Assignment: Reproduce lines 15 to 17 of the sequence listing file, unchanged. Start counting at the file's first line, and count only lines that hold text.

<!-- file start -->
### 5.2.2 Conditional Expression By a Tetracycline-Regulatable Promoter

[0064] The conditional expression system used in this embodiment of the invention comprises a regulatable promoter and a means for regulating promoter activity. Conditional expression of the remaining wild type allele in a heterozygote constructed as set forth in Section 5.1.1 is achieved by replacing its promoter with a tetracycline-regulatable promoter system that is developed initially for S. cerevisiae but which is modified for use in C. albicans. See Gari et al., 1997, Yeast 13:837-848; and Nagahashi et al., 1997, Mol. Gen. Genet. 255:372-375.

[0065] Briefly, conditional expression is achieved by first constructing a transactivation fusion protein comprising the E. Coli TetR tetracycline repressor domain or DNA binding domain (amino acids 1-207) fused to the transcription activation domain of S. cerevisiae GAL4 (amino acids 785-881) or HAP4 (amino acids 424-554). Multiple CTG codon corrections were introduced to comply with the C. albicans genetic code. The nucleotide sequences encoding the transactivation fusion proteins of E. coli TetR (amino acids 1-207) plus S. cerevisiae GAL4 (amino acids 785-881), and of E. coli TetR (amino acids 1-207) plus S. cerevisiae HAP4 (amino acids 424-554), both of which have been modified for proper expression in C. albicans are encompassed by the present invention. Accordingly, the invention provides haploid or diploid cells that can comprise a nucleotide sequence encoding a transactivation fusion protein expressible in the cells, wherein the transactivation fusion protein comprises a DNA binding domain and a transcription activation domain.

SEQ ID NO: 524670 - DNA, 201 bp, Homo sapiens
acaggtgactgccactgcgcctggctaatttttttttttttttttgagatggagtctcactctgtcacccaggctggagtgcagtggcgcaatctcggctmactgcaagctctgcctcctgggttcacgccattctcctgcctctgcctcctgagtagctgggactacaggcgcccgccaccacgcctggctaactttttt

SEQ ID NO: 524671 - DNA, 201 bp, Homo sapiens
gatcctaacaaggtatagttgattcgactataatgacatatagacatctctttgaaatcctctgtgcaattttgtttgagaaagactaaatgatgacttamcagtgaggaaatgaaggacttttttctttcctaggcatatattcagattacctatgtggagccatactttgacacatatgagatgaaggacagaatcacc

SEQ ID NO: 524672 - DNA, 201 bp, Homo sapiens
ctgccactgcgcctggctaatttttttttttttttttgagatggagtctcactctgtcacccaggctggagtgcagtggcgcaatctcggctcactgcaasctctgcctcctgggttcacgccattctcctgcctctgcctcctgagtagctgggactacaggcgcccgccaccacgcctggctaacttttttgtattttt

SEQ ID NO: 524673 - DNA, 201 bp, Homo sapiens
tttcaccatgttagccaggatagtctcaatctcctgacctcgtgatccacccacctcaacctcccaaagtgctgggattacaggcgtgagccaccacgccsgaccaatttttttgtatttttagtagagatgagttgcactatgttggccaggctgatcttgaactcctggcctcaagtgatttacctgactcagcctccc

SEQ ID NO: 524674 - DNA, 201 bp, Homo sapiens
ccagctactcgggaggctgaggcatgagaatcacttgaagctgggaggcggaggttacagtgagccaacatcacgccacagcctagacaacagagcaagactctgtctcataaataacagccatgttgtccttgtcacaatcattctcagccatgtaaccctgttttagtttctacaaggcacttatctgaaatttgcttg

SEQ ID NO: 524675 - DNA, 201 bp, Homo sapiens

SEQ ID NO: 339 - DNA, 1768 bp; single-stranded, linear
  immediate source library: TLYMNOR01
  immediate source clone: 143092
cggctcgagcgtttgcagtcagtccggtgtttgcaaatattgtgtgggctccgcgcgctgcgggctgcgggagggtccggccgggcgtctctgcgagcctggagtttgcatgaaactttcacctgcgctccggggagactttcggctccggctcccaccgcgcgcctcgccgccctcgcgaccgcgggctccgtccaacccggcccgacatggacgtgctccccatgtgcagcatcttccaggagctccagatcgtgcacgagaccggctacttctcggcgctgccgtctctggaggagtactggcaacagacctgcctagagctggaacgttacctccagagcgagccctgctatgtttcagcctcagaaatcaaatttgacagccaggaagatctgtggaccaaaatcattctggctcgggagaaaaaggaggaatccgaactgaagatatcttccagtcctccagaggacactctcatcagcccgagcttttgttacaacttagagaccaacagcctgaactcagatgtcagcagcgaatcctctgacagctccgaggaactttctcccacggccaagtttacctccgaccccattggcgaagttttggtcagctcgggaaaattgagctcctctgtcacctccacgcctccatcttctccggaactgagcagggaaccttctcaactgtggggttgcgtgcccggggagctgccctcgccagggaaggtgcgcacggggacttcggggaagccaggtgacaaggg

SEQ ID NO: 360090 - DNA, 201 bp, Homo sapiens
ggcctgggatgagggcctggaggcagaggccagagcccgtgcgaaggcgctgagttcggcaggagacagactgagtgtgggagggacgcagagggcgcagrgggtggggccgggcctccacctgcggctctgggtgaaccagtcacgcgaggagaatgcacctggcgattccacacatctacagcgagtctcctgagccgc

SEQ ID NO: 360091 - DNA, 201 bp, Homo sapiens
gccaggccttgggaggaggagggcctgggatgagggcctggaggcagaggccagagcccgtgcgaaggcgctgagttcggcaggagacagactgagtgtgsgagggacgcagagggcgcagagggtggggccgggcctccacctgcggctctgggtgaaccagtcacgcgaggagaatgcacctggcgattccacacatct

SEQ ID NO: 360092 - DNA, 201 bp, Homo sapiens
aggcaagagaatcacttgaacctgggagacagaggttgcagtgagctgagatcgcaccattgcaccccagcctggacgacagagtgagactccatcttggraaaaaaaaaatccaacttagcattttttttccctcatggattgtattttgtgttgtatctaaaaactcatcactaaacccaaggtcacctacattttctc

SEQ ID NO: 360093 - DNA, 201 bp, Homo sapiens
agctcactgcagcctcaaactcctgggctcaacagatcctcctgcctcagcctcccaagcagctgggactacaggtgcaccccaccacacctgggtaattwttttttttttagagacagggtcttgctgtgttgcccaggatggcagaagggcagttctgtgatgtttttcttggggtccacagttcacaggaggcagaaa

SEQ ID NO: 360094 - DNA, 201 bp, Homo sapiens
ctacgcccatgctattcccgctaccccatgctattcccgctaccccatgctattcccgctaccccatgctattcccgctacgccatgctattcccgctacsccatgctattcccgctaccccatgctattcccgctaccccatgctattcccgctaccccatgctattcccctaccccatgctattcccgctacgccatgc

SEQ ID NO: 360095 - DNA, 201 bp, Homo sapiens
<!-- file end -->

SEQ ID NO: 339 - DNA, 1768 bp; single-stranded, linear
  immediate source library: TLYMNOR01
  immediate source clone: 143092